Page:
The other shoe has finally dropped. Trese, that beloved series of Filipino comics from writer Budjette Tan and artist Kajo Baldisimo, that has long been rumored to be up for adaptation as either a TV series or movie. Several local producers and entities have made their respective pitches to Tan and Baldisimo over the past few years with varying degrees of success. Yet as every year passed, Alexandra Trese, twin bodyguards the Kambal, and the other characters that occupy their supernatural adventures remained in komiks form. On November 8, Netflix announced at their “See What’s Next in Asia” event in Singapore that Trese will instead be turned into an animated series from director Jay Oliva.
“We can all say thanks to Tanya Yuson and Shanty Harmayn, our producers from BASE Entertainment,” shares Trese co-creator Budjette Tan. “Around five years ago, around 2013 appropriately enough, Tanya and Shanty started to actively pitch TRESE to foreign studios and they also met with local studios and networks. I am amazed at the number of directors and producers who have already read Trese and that all happened because of Tanya and Shanty’s hard work.”
For fans of the Trese series that was first published in 2005, the news spread like wildfire on social media. The combination of Tan’s insightful writing and knowledge of Philippine mythology and folklore, combined with Baldisimo’s amazing art and renditions of creatures that have haunted generations of Filipinos helped make Trese one of the most popular locally produced comics in the past decade as the launch of every volume saw fans scrambling to get a copy. At the different local conventions such as Komikon, Summer Komikon, Indieket, and Komiket, a line forming in front of the Trese creators was a common sight. Yet even as the book grew in popularity and the Trese fan group on Facebook grew in numbers, many kept wondering if the title could indeed jump from one medium to another.
Full disclosure here, in the years that I’ve read and loved the Trese comic and made friends with both Budjette and Kajo, I’ve become aware of how so many have wanted to bring Alexandra Trese and her paranormal adventures to either the small screen or the big screen. I heard stories of different production companies throwing all sorts of ideas at the Trese creators but tinkering with the property so much that would make it unrecognizable for its fanbase. And Trese has a very passionate fanbase that discusses the books on a regular basis on top of either cosplaying as Alexandra and the other characters or wearing shirts approved by the creators.
In the book, Manila is a dark place with a seedy underbelly haunted by mysterious forces. When the crimes get too grim or gruesome or if the violence is unexplainable, the police led by Captain Guerrero call on private investigator Alexandra Trese. Aside from her paranormal activities, Alexandra is the proprietor of the dive bar known as The Diabolical. She is also constantly accompanied by the Kambal, supernaturally-powered gun-wielding twins wearing masks traditionally symbolizing comedy and tragedy. Armed with a knowledge of the mystical arts including the kris called “Sinag,” Alexandra calls on her own mystical informants as she weaves her way through the malevolent and mythical around the city.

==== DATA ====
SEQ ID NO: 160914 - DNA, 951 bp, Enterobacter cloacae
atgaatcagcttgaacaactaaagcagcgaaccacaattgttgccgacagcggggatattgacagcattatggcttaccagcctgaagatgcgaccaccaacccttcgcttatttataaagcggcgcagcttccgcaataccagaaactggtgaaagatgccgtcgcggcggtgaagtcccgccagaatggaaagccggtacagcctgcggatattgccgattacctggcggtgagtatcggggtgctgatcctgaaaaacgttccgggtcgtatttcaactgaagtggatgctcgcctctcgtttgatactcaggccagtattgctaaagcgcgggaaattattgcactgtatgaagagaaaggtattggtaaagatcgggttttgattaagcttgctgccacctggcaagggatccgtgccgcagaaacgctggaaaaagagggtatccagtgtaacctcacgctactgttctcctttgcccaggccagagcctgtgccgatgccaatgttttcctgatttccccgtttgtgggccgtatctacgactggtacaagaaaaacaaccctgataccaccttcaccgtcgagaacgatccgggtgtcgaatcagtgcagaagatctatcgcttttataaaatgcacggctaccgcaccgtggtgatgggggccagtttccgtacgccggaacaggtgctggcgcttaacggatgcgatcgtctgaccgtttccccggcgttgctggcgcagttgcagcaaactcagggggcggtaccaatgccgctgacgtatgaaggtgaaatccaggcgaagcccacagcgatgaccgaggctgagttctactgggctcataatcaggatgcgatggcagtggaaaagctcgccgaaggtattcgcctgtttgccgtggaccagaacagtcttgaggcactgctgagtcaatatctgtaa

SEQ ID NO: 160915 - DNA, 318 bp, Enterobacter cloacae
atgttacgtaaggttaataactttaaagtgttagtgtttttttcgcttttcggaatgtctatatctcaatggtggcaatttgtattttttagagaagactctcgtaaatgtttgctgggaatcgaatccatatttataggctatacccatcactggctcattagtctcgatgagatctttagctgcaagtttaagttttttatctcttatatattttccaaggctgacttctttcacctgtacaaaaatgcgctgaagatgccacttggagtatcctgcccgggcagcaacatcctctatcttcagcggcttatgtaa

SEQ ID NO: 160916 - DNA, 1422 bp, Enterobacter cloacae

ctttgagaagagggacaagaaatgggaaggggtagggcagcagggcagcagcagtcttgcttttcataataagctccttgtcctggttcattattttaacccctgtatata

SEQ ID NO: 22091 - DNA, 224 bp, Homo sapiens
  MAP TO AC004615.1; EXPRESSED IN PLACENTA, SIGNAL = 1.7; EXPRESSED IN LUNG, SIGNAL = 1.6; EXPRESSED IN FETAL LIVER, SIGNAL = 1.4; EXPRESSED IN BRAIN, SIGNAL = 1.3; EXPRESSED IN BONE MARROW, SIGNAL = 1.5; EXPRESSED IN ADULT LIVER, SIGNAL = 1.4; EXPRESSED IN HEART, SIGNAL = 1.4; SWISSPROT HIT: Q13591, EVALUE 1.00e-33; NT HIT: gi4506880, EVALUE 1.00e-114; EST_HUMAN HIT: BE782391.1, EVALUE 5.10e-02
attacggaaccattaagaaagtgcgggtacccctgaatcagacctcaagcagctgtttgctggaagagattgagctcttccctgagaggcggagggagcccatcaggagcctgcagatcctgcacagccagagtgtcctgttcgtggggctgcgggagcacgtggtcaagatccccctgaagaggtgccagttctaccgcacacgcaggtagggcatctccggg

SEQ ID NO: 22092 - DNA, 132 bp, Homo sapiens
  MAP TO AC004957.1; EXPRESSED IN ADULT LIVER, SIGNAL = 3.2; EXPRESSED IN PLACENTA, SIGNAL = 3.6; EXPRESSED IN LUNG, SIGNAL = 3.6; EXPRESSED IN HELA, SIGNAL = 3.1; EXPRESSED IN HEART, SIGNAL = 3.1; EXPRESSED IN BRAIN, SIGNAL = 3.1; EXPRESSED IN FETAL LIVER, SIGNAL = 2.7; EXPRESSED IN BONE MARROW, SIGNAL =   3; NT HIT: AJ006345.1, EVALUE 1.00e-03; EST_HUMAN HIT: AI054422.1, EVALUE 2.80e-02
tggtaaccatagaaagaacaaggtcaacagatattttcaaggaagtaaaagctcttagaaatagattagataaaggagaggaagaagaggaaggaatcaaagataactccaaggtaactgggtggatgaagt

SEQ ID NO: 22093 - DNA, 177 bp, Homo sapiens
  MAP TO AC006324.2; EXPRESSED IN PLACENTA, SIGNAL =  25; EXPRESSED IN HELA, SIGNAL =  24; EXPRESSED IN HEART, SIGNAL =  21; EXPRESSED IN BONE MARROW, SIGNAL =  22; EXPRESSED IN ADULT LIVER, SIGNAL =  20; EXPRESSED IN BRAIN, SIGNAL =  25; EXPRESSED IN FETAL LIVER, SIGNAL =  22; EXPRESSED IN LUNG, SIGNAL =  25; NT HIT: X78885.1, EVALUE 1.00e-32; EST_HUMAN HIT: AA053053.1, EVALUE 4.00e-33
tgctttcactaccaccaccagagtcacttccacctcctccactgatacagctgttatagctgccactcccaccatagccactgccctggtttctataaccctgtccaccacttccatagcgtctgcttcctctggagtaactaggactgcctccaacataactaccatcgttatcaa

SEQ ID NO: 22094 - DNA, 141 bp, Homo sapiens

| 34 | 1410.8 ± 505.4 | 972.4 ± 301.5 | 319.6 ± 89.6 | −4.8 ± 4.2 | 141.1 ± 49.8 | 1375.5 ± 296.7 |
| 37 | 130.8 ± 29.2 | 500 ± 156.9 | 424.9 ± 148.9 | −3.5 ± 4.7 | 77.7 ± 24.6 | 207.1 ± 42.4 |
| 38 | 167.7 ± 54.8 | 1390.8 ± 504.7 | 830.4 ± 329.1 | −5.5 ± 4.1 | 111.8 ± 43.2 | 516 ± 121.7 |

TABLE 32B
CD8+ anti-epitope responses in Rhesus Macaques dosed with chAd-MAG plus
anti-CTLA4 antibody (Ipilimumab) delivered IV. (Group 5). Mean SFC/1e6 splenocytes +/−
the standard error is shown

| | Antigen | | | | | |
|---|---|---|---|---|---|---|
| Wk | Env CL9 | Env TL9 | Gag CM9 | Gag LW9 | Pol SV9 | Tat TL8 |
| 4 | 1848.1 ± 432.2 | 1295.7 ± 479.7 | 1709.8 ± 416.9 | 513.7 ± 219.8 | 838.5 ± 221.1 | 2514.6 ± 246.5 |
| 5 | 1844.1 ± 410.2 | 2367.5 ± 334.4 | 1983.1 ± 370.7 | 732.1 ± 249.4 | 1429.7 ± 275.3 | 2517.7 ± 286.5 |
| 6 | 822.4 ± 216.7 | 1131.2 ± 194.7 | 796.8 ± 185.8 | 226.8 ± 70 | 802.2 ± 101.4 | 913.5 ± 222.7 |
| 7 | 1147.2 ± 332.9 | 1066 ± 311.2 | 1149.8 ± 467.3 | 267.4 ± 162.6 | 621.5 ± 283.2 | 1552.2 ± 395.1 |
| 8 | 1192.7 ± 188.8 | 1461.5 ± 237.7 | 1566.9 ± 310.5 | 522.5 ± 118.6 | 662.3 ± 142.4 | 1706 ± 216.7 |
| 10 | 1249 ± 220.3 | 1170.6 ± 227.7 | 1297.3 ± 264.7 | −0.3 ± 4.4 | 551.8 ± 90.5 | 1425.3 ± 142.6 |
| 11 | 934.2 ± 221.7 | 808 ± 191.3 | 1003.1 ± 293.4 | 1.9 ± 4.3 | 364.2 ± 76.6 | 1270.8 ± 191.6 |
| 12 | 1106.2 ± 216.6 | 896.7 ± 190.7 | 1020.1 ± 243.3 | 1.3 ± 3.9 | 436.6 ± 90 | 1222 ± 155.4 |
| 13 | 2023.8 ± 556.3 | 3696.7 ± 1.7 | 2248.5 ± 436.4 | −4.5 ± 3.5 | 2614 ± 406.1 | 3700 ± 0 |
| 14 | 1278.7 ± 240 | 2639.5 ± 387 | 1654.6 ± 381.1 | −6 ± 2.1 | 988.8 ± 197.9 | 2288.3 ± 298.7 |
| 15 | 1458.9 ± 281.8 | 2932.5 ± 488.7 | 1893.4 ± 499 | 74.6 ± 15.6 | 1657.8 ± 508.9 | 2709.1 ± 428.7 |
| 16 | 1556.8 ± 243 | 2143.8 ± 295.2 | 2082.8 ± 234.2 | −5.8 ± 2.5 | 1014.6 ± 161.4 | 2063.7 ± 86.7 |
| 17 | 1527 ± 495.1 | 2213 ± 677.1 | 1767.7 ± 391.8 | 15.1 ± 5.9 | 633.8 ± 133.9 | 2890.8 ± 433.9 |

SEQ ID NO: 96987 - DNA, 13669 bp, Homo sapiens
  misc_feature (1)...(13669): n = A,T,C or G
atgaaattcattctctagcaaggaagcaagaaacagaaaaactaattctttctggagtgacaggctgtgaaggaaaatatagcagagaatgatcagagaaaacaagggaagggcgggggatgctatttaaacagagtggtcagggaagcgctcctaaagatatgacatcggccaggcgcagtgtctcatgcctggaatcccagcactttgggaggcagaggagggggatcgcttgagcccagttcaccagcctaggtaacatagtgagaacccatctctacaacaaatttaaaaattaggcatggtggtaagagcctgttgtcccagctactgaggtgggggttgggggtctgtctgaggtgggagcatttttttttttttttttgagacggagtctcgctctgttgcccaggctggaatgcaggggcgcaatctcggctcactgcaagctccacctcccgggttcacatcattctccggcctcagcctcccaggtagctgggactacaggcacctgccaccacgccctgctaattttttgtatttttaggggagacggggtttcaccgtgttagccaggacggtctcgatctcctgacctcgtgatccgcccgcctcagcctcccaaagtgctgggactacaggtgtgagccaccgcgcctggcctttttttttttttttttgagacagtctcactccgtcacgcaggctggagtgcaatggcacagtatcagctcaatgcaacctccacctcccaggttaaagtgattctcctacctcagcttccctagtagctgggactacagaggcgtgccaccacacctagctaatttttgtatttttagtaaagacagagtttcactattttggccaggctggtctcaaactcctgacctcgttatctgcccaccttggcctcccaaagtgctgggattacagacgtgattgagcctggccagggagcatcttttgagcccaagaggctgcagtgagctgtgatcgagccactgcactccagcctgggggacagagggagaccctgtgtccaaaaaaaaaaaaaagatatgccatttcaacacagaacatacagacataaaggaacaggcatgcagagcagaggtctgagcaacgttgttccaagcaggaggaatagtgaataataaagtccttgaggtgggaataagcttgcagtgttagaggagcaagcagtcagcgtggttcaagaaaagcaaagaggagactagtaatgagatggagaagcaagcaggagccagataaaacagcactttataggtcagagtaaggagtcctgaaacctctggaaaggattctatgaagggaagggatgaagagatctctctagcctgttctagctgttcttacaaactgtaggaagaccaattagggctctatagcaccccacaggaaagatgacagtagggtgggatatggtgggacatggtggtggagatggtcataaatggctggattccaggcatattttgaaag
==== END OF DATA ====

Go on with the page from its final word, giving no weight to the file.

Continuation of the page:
“After five years of pitching a live-action Trese and for various reasons of those deals not pushing through, when the opportunity to pitch an anime version to Netflix came up, we gave it a go,” Budjette says. “By adapting Trese into an animated series, we don’t need to worry so much if we have enough budget for SFX and CG to render all the monsters and creatures in the best way possible.”
“As far as fanbase is concerned, the anime viewer is already used to getting introduced to new worlds and myths and creatures, so it would be interesting to see how the global anime fan will react once they’re introduced to our aswang, tikbalang, and Trese,” he adds.
In a moment of insight, Budjette (who is currently based in Denmark for work) also notes how Trese taking anime form strangely seems like coming full circle for himself and Kajo. “It also felt appropriate for Trese to be adapted into an anime since one of the big influences for Trese was the Ghost in the Shell: Stand Alone Complex anime series, which was showing on cable back in 2005,” he bares.
“The funny thing is, me and Kajo didn’t know we were watching the series until after we started working on Trese,” Budjette notes. “I asked him, ‘What inspired you to draw this…’ and he asked me, ‘Where’d you get the idea to write that…’ and we both answered Ghost in the Shell! And some of my favorite anime became my introduction to certain manga titles like Akira and Nausicaa of the Valley of the Wind.”
With the deal signed, Budjette can’t quite go into detail yet regarding the contract with Netflix. “Maybe I’ll be able to do that when we’re closer to the release date of the series,” he says. But that’s all in the future. For now, the important thing is that Trese is indeed jumping off the comics page at last and in a form that won’t be restricted by budget constraints that might otherwise be imposed on a live action series. Budjette is not quite closing the door for a live-action Trese in the future, but for now, the excitement for the coming anime series is palpable.
“I am excited to see Trese and her underworld come to life in anime form,” Budjette says. “I’m excited to share to the world our Philippine myth and folklore. I’m sure (executive producer) Jay Oliva and the team will do a great job in bringing Trese to life on the screen.”